Learn from Local Toledo Holocaust Survivors at "Bearing Witness"

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Learn from Local Toledo Holocaust Survivors at “Bearing Witness”
It's been 70 years since the height of the Holocaust in 1943. For those who survived, the memories are as vivid as if it happened yesterday. As the last Holocaust survivors and veterans of World War II enter their golden years, it is especially important that their stories are captured on film so that future generations may "never forget."

It is in that spirit that the 2013 Palm Beach International Film Festival Audience Award-winning documentary Bearing Witness: The Voices of Our Survivors was created. Now, a special screening is coming to Toledo, where the film's subjects made their homes after the war ended.

The Power of Film

In Bearing Witness: The Voices of Our Survivors, six aging Holocaust survivors from five different countries - all with ties to Toledeo or the surrounding areas - are paired with Jewish teens, bringing together the oldest and youngest generations of the Jewish community.

The survivors tell the story of the Holocaust as it can only truly be told - by those who survived and rebuilt their lives without so many loved ones who were not so lucky. The film, by Heather Elliott-Famularo, is a brilliant portrayal of people who survived one of history's most infamous crimes as ordinary people who you may have passed on the sidewalk in Toledo.

The Survivors

The film is centered on:

 Rolf Hess, from Germany, who witnessed Kristallnacht, was sent to a relocation camp, was torn away from his family, and was rescued and hidden in a French orphanage.

 Al Negrin, from Greece, who fought in the resistance and was eventually sent to Auschwitz and Bergen-Belsen.

 Philip Markowicz and Aron Wajskol, both from Poland, who survived the infamous Lodz Ghetto, but were then placed in numerous forced-labor camps, culminating in death marches.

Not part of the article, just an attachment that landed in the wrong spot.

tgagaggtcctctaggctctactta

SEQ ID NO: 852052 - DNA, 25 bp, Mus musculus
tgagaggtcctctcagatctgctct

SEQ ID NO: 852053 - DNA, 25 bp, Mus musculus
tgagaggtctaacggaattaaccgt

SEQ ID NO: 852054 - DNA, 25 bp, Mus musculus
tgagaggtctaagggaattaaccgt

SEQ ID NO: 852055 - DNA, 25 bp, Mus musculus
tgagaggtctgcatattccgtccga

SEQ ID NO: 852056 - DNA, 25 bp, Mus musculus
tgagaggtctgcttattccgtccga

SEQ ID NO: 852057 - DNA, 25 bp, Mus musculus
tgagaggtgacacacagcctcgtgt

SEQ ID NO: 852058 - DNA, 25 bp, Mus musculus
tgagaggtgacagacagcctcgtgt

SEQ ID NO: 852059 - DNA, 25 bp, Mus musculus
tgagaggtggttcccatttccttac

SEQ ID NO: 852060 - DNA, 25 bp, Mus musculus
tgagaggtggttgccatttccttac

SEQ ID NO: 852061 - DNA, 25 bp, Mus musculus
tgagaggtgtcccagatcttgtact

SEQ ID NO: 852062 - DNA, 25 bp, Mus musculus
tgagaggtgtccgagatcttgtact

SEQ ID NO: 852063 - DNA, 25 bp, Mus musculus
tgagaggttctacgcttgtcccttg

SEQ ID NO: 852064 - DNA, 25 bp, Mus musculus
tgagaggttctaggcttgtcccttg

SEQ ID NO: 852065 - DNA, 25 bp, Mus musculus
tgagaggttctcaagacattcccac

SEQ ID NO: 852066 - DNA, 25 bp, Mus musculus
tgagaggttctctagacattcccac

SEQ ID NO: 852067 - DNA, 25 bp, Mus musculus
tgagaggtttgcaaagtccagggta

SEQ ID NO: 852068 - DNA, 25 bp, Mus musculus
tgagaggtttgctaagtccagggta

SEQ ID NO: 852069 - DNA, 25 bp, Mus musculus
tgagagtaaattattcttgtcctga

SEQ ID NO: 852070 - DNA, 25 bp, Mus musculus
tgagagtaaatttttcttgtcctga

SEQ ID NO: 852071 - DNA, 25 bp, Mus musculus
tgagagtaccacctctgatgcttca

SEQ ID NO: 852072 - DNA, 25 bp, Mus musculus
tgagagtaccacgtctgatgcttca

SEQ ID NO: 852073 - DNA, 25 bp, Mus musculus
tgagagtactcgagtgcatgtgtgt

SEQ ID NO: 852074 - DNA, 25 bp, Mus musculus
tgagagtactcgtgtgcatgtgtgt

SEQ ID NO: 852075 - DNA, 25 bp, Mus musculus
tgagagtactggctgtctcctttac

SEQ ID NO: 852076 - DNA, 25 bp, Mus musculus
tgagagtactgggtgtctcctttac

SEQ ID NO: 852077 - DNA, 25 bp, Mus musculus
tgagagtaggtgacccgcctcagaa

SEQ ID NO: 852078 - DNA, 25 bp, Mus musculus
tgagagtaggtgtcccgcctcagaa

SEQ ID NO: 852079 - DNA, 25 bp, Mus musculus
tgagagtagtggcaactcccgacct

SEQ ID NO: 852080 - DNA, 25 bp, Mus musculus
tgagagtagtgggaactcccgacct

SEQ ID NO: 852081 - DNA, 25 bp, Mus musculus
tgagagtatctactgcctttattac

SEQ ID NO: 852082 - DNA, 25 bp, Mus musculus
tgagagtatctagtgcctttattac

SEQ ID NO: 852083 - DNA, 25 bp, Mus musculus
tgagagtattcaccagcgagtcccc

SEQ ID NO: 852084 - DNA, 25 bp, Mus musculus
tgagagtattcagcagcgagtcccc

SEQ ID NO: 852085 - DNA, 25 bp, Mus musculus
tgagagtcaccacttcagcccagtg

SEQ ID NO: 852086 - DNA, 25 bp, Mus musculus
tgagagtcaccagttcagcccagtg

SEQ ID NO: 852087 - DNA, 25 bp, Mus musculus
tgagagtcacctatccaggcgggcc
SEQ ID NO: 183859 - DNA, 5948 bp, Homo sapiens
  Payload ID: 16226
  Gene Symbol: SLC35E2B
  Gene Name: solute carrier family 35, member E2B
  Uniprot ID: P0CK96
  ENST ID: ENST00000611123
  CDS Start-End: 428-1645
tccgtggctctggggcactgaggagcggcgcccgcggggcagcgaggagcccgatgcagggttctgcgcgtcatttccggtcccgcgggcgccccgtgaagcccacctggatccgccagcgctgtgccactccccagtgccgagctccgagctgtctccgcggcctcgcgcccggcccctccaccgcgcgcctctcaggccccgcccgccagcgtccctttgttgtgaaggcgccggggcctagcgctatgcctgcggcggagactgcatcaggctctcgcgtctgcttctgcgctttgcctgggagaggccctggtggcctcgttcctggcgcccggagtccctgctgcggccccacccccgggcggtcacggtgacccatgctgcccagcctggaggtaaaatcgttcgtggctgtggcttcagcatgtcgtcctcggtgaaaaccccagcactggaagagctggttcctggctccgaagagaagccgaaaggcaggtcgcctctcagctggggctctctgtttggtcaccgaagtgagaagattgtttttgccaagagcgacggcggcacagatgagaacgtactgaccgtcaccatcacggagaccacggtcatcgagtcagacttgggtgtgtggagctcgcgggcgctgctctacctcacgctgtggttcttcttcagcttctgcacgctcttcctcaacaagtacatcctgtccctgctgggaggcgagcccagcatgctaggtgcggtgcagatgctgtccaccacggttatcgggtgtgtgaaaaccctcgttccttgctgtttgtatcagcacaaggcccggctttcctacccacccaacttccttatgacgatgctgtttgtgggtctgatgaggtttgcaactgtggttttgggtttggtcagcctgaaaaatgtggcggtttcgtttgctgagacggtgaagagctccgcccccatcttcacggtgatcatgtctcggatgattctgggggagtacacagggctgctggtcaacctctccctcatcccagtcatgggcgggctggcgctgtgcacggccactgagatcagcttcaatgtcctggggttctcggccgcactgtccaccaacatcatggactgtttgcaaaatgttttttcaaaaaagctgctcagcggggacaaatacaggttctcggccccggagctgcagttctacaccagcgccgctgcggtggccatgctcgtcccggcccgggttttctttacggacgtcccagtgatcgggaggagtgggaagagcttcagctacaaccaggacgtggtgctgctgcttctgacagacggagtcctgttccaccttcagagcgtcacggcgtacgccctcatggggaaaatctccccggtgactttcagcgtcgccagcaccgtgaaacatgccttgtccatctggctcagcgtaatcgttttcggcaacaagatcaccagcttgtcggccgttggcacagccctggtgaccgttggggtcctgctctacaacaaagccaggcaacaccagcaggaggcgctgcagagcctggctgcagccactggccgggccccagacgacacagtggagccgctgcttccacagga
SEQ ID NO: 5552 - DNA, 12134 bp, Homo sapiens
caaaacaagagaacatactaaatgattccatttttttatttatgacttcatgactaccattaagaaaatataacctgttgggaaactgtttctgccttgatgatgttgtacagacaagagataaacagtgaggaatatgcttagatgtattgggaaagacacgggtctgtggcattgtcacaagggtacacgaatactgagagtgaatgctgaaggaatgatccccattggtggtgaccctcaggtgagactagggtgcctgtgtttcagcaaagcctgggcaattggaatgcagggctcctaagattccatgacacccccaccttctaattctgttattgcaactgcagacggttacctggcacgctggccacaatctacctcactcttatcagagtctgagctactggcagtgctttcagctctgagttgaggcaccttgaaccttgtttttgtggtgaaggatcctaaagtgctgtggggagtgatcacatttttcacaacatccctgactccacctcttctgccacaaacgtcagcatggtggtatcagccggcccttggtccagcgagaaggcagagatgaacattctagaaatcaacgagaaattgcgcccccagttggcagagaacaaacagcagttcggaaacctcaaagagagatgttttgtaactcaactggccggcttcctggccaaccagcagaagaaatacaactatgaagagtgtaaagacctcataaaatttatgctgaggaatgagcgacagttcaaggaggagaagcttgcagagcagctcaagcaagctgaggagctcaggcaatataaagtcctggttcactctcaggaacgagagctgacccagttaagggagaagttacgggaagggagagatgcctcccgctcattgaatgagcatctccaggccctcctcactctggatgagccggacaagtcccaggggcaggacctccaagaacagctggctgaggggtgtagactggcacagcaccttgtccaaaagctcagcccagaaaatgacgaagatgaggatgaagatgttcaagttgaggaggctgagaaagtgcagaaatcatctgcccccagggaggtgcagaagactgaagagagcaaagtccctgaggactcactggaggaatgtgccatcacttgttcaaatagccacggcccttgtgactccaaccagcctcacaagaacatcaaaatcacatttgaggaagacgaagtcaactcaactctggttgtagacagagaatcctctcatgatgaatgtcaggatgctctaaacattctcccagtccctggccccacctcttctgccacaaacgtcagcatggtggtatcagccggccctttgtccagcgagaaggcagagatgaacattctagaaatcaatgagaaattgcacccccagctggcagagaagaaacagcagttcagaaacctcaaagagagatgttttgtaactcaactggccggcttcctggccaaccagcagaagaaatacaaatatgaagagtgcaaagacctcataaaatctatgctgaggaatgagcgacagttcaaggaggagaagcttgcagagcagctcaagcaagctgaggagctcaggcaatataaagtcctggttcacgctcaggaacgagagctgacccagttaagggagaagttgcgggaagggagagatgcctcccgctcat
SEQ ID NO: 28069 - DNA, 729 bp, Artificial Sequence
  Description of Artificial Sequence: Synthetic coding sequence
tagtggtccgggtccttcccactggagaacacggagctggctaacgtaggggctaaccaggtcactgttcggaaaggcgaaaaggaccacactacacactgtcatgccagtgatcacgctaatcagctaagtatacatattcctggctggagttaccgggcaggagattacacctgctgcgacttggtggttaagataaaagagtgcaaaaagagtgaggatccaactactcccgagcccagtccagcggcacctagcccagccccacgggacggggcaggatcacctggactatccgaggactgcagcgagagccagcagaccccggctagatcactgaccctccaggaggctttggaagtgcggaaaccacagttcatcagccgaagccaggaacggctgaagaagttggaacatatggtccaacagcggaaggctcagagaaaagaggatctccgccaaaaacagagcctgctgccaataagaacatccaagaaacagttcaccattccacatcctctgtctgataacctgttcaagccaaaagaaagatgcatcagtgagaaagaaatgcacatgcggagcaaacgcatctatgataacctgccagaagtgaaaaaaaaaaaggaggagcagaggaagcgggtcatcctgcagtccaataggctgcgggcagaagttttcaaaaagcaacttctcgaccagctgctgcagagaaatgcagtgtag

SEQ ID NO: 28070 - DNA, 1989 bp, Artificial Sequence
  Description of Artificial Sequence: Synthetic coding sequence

 William Leons, of the Netherlands, who hid alone for nearly two years in an attic room as a child.

 Clara Rona, of Hungary, who was separated from her family and deported to several work camps before escaping a death march just as the war ended.


The film won not just the Audience Award at the prestigious Palm Beach International Film Festival, but was also an Emmy Award nominee. It has also received considerable press coverage, both in Greater Toledo, Ohio in general, and the entire country.

To See the Film

To see the film, visit the Maumee Valley Country Day School, Millennium Theatre, 1715 S. Reynolds Road, Toledo, OH 43614. The film will be screened on Sunday, November 3, at 3:30 pm. The theater has 300 seats and features an intimate proscenium "thrust" stage, with no seat more than 35 feet away from the action.

For more information, contact Lou Ann Glover by phone at (419)381-1313 or send her an email.

Andrew Lisa is a freelance writer living in Los Angeles. He writes about travel and entertainment in American cities. He also profiles and reviews time tracking software.

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